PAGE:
Price transparency, increasing revenue, and reducing denials are three of the revenue cycle’s thorniest issues.
At the HealthLeaders Revenue Cycle Ideas Exchange in mid-March revenue cycle leaders from the nation’s top health systems shared their proven strategies for success for each of these problems.
Here’s what they had to say.
Although root cause data showed that 47% of its hospital billing denials were related to some case management opportunity, the staff that was tasked with working on utilization management (UM) denials didn’t have much background in case management.
“It wasn’t their expertise, so we were not being effective in appealing these denials,” says Abongwa.
That’s why in 2019, they got a new position approved: A UM denial management registered nurse that reports to the revenue cycle department.
“It made a huge difference for us since we got her onboard the revenue cycle team,” Abongwa says.
When patients talk to their physicians about treatment options during a visit, they often ask the question that all consumers want to know when considering a big purchase: How much will it cost?
That’s why Ochsner Health System in Louisiana has made physician outreach and education part of its work on price transparency and how it provides pre-service estimates to patients.
In addition to proactively providing estimates for all scheduled services and providing an online self-service price estimate tool, Ochsner went live with a Central Pricing Office (CPO) in 2018, a call center which consists of a team of internal consultants that handle all the pricing questions for the system.
Physicians aren’t the only people who get asked cost questions. Leaders and employees systemwide get often get questions, too, so anyone who has a pricing question—whether it’s a clinical or non-clinical employee, or a price-shopping patient—gets routed through the CPO.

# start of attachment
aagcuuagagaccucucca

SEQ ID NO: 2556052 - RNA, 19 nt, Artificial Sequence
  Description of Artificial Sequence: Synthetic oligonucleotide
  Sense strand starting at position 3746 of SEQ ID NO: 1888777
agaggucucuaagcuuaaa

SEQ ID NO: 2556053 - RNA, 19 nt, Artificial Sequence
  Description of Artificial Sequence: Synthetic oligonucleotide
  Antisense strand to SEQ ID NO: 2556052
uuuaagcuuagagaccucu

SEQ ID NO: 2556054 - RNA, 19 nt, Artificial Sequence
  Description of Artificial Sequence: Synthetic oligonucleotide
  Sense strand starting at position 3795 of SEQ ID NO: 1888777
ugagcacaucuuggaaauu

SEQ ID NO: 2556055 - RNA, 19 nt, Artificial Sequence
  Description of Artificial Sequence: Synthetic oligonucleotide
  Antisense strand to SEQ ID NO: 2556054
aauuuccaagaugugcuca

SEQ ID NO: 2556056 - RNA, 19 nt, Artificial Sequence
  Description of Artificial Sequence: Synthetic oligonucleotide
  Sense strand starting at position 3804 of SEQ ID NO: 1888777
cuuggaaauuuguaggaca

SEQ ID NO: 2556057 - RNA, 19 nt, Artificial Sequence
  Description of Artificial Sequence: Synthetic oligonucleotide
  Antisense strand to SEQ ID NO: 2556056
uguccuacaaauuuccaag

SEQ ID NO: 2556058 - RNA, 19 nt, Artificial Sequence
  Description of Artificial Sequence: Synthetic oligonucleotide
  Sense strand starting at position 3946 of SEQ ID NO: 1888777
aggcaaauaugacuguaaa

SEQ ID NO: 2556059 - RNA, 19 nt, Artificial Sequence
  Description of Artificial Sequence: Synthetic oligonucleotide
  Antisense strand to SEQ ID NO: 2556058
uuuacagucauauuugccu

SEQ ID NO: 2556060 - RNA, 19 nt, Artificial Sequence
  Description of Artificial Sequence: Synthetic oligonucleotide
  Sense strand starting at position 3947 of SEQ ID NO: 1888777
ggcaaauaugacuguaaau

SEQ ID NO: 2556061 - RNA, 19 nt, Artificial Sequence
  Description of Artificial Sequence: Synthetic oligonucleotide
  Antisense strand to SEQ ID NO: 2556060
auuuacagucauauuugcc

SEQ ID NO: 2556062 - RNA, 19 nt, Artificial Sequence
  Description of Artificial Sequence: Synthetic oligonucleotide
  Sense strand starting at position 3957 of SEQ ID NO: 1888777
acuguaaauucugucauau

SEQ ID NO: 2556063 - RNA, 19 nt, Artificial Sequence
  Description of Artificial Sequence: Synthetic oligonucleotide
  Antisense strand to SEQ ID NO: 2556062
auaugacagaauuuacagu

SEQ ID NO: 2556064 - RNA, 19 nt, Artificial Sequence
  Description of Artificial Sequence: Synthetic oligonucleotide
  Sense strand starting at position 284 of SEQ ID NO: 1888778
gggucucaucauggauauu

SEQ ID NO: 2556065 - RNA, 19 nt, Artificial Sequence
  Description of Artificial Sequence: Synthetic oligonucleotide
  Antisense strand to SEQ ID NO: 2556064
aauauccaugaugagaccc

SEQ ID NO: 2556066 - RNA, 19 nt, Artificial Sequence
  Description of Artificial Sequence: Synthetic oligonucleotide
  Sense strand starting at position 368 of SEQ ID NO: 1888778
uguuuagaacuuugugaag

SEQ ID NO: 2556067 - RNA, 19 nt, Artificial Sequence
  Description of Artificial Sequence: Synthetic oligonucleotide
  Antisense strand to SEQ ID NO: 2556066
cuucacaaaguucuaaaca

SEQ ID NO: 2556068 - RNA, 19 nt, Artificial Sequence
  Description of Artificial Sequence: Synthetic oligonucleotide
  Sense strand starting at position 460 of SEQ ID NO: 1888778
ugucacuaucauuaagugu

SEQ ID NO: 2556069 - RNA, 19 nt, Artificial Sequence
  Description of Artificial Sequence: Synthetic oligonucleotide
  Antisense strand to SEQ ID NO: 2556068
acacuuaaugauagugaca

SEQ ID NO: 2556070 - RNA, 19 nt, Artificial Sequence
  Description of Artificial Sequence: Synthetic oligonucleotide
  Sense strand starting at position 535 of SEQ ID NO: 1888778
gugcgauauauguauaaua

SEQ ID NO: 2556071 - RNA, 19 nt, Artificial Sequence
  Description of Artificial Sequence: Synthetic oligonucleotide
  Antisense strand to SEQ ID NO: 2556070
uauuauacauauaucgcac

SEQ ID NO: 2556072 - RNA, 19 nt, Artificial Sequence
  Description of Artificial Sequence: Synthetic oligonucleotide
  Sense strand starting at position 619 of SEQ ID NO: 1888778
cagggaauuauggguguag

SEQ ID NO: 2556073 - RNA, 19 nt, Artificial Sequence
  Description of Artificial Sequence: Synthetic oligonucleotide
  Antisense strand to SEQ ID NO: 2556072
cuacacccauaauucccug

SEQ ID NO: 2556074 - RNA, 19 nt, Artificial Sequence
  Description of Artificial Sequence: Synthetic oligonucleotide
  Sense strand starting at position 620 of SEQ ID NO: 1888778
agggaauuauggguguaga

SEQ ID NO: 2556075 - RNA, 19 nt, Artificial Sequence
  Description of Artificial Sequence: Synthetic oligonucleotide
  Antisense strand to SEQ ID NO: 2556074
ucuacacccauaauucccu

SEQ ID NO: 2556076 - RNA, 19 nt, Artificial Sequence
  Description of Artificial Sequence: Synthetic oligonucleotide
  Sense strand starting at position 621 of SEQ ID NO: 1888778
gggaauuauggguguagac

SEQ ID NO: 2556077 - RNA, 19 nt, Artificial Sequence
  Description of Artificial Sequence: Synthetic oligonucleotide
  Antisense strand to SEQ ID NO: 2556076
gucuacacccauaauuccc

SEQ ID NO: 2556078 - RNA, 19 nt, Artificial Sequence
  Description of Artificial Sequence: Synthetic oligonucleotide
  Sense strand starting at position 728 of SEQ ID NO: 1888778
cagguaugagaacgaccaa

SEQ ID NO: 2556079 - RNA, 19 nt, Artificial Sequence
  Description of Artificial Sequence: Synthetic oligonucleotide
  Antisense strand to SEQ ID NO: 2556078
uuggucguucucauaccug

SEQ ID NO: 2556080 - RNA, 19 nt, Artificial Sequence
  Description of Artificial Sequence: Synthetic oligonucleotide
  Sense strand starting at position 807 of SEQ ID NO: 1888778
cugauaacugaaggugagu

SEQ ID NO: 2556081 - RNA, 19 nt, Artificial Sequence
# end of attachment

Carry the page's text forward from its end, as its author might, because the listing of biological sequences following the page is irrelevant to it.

“A lot of physicians and [clinical] operators were saying that patients kept asking them [price] questions,” says Cardwell. “They didn’t feel like they had a great way to answer the patients at that point, so we really wanted to provide a resource for them to send their patients to get that information.”
There are big-picture, high-impact projects on every revenue cycle leader’s wish list, from implementing a new charity policy to installing a new claim system.
While these projects are important and necessary, they often take months or years to implement and require approvals from multiple outside departments, IT capital, and other resources.
Instead of always working on these “high effort, high impact” projects, McDermott encourages revenue cycle leaders to also focus on “low effort, high impact” projects that use what he calls a “no-huddle offense” strategy.
When football teams use a no-huddle offense strategy, they dispense with the time-consuming huddle and instead run prearranged plays that allow them to score quickly.
Revenue cycle leaders can apply the same idea to their own projects.
“The no-huddle offense is about creating these quick wins through projects that you have total control over, and you can move forward in 90 to 180 days,” McDermott says. “In the revenue cycle management sector, we’re under constant pressure to reduce costs and increase net patient revenue, so having a no-huddle offense is a really good part of your portfolio.”